By 29 years of age, most athletes who haven't reached the elite already, will have given up on their hopes of reaching the pinnacle of their sport. For Gabriel Utrera, however, that couldn't be further from the truth. With the 2020 Olympic Games just around the corner, this Malaga sailor is in with a chance of earning a spot on the Spain team.
After a lifetime dedicated to the sea, which alongside his boat he considers to be his "office", the moment which he had been dreaming of arrived. A year and a half ago, the second-in-command of the Olympic team gave Utrera a call and asked him if he would like to join them as a spot had become available. Without any hesitation, he headed straight for Barcelona to take part in the trials.
As it happened, Utrera shone in the 470 category and was picked for the Spanish preliminary Olympic team. "It was a massive moment; something I've dreamed of since I was a kid," he says.
Leaving Malaga behind
He is the only person from Malaga on the team but while that is a source of pride for Utrera, he also thinks it's a shame: "This is a country surrounded by water and yet we don't give sailing the importance that it deserves - at least in the case of Malaga. In Barcelona and Santander, it has a lot more prominence."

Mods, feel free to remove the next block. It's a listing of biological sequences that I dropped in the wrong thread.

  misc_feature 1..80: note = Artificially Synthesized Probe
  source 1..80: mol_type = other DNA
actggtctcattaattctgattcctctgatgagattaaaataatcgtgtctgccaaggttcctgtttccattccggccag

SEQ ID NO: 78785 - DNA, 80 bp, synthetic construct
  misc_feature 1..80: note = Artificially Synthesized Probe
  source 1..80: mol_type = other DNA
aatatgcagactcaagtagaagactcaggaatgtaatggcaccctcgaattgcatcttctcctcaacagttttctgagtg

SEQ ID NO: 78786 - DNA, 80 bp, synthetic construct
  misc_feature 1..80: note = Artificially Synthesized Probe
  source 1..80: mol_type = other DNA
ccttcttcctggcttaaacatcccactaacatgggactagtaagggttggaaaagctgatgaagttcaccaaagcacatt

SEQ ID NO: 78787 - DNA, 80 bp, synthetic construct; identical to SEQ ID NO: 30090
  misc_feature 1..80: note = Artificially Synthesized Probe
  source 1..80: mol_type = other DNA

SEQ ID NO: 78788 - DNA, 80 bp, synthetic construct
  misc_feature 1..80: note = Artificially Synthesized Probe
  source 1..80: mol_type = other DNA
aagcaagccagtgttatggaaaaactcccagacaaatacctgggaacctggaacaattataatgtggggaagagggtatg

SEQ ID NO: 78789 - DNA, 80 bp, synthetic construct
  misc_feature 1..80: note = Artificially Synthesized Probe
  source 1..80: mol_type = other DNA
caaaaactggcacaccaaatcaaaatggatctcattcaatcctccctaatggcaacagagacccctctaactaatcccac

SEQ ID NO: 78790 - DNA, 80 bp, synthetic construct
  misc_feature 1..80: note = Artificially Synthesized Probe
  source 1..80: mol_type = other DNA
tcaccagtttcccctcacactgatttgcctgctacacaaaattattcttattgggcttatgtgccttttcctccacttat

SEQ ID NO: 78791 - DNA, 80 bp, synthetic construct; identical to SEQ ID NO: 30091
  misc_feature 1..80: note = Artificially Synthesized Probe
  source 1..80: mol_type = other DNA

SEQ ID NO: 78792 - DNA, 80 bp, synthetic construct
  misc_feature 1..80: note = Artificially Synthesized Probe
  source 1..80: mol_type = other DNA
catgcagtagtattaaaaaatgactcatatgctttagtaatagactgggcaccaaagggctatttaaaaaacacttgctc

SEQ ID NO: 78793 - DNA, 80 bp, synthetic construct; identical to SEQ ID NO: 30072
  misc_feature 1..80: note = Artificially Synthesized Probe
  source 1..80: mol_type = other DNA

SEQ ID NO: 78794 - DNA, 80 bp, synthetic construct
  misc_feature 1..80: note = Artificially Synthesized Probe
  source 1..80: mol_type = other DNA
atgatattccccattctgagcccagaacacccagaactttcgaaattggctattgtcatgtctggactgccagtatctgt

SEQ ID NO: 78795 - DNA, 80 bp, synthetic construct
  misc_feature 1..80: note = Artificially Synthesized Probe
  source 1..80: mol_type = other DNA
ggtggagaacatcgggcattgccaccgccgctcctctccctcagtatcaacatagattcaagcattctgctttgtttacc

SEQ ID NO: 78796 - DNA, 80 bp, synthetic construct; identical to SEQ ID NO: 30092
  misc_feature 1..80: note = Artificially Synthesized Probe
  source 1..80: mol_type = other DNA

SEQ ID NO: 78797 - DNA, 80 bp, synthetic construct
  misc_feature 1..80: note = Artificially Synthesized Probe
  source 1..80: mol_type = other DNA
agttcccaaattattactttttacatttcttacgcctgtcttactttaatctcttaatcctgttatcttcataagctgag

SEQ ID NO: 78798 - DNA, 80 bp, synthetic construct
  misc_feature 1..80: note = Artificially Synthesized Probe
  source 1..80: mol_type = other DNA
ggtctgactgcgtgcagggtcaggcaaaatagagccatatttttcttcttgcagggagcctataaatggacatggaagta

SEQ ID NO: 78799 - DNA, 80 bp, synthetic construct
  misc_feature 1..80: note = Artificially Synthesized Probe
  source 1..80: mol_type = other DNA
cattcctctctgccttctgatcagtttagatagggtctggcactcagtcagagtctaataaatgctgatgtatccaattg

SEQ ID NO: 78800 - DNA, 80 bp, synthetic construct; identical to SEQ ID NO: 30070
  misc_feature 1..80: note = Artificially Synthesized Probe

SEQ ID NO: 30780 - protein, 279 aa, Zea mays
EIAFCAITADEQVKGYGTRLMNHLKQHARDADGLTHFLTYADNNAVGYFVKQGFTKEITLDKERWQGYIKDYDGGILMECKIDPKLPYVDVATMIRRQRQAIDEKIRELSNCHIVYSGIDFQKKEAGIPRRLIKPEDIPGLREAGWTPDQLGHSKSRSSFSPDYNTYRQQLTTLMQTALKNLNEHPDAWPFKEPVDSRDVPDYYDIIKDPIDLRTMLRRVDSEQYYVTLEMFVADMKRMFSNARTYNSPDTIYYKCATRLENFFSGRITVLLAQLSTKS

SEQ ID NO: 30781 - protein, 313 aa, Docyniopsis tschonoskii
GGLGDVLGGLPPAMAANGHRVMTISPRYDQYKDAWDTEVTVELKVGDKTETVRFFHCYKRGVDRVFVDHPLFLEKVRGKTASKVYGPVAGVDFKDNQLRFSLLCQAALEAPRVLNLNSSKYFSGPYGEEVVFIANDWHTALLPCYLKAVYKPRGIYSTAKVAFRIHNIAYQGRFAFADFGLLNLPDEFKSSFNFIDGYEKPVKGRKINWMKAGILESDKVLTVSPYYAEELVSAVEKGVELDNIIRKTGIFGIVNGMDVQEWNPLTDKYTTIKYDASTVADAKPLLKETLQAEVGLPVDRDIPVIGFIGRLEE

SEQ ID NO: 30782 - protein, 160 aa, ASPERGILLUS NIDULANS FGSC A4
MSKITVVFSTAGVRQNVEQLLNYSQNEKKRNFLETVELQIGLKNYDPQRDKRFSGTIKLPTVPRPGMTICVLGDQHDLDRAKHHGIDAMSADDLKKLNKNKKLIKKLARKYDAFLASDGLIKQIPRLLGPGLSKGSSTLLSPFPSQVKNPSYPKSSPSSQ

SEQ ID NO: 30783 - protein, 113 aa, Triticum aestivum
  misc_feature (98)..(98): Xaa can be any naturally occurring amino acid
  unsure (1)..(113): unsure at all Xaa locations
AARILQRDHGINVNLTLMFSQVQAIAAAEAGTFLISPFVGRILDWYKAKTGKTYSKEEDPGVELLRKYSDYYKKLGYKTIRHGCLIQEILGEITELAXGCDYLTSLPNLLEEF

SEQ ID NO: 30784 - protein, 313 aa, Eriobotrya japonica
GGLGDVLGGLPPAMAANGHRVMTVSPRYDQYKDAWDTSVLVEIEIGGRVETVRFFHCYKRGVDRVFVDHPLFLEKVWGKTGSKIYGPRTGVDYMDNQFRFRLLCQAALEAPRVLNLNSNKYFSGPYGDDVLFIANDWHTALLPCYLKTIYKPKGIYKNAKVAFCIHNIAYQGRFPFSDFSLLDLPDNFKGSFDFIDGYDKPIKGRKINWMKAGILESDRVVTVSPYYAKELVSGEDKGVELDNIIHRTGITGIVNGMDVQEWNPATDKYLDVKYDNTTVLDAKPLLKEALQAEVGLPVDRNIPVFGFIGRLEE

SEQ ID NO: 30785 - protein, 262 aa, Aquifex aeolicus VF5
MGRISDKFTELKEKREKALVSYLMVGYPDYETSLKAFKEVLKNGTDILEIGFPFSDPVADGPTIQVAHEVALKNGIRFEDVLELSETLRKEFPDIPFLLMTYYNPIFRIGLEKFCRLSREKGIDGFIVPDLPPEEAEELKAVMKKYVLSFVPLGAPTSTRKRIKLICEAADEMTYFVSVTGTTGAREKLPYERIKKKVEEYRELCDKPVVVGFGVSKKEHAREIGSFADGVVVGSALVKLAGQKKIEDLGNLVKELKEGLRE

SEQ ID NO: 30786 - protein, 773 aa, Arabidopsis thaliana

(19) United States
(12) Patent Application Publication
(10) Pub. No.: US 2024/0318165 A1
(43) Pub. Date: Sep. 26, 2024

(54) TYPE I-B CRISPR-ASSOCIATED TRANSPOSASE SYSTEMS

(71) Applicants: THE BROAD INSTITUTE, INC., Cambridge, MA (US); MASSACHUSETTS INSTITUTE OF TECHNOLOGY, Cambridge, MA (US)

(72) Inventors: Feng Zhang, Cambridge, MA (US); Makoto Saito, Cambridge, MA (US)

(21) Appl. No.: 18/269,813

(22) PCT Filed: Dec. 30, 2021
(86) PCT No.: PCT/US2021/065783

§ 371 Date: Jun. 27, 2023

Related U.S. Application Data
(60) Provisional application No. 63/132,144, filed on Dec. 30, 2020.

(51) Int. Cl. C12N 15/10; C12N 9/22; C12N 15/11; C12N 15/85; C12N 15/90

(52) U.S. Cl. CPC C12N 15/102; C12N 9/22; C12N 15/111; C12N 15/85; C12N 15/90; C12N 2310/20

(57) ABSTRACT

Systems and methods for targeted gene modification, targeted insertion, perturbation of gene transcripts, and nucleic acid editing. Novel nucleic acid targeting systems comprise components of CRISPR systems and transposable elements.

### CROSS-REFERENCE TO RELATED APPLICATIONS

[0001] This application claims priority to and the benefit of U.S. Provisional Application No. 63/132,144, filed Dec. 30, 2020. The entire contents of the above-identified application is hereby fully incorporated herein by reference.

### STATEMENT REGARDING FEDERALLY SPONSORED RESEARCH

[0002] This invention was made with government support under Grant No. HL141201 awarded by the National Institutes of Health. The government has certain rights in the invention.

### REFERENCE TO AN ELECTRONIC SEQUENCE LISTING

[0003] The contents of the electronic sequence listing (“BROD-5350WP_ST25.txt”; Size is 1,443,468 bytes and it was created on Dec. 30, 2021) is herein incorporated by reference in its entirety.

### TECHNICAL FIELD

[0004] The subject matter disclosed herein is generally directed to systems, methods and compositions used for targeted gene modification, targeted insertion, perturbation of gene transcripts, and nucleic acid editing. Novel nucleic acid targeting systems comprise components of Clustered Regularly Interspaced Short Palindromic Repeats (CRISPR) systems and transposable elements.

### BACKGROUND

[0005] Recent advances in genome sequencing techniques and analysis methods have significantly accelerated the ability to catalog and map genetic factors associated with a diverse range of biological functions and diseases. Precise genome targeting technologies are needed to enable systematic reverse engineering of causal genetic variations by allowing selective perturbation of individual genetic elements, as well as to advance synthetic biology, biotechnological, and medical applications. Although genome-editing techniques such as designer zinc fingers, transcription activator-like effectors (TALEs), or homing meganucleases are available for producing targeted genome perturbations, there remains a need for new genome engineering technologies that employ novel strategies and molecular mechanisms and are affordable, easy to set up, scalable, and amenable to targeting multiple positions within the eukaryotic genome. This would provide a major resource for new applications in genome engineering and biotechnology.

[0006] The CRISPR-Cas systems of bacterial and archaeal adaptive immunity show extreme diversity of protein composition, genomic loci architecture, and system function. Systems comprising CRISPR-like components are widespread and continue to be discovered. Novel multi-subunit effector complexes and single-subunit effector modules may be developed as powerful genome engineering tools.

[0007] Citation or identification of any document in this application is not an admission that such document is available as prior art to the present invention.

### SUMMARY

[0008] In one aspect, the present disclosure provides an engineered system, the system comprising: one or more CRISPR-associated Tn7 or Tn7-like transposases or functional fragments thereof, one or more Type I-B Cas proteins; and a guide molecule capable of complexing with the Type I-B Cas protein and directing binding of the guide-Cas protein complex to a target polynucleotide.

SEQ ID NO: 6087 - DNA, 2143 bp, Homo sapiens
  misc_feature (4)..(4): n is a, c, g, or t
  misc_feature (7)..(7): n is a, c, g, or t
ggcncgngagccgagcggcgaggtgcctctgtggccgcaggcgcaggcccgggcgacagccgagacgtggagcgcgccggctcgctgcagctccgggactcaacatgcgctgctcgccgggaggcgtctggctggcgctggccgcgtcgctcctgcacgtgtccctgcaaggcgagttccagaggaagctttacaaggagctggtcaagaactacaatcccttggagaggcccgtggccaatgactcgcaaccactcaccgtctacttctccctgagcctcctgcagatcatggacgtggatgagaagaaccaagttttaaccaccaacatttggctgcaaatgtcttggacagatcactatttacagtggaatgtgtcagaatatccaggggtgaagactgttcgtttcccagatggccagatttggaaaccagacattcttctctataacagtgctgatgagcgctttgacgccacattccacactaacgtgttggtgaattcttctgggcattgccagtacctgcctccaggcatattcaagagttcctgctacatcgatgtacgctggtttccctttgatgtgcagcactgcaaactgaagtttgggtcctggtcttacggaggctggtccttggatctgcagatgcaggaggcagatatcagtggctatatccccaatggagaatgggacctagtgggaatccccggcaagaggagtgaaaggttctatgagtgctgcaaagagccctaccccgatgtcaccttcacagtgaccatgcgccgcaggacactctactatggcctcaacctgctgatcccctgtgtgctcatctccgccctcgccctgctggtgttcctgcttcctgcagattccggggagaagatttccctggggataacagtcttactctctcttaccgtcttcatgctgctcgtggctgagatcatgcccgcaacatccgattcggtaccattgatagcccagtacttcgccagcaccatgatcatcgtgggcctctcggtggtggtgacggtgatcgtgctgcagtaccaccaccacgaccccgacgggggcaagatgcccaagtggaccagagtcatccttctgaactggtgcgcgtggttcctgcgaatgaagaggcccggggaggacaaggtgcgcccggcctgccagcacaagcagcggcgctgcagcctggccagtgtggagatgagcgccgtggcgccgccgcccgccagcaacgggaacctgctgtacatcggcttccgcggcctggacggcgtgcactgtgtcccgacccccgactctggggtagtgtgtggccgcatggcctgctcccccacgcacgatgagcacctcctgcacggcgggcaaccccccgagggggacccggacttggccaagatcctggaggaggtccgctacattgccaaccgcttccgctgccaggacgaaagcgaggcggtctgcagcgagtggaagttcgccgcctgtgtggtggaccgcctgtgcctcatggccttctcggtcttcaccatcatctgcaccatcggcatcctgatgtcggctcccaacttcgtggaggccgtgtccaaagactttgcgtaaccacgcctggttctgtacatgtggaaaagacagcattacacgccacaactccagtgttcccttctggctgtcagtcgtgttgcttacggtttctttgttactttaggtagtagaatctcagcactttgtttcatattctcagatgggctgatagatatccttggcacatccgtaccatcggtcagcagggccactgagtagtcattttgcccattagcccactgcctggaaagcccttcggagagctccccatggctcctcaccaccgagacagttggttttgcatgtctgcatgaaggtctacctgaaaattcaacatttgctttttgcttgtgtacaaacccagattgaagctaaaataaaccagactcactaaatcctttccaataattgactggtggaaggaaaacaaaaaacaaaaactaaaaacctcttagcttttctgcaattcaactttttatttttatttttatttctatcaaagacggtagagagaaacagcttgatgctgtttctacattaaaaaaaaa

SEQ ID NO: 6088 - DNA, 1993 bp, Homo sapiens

Because of this, Utrera spends less time in his home city than he would have liked, but tries to get back as often as his calendar permits.
Age no boundary
Opportunities prevent themselves to people of all ages. At 29, Gabriel Utrera knew that it might have been too late, but he didn't allow that to dampen his ambition. "I want to be at Tokyo 2020 but also Paris 2024. The years can't stop me from doing what I love most," he says.
In order to qualify for Tokyo 2020 he has to get a good average score in the two qualifying races this year: the Trofeo Princesa Sofía (Palma de Mallorca) and the World Championships in Japan.
In both, Utrera will participate in the 470 category and his boat is the second favourite. If he gets the highest score in his category between the two tournaments, he will be able to go to Tokyo 2020 representing Spain, but it looks complicated due to financial issues.
"I have very high expectations, because in the sea we are all the same. But it is true that our rival has greater backing than we do with sponsorship from large companies such as Mapfre or Movistar. On the other hand, we have to pay for everything. It's a disadvantage, but it's not definitive," he says.
Utrera, however, is able to compete with the help of his parents, who gave him "80% of the total budget". They were the ones who made his dream possible and for that reason Utrera wants to make sure that it isn't all in vain. "If I make it to Tokyo I want to make sure boys and girls have the same opportunity that I did, especially in my home city."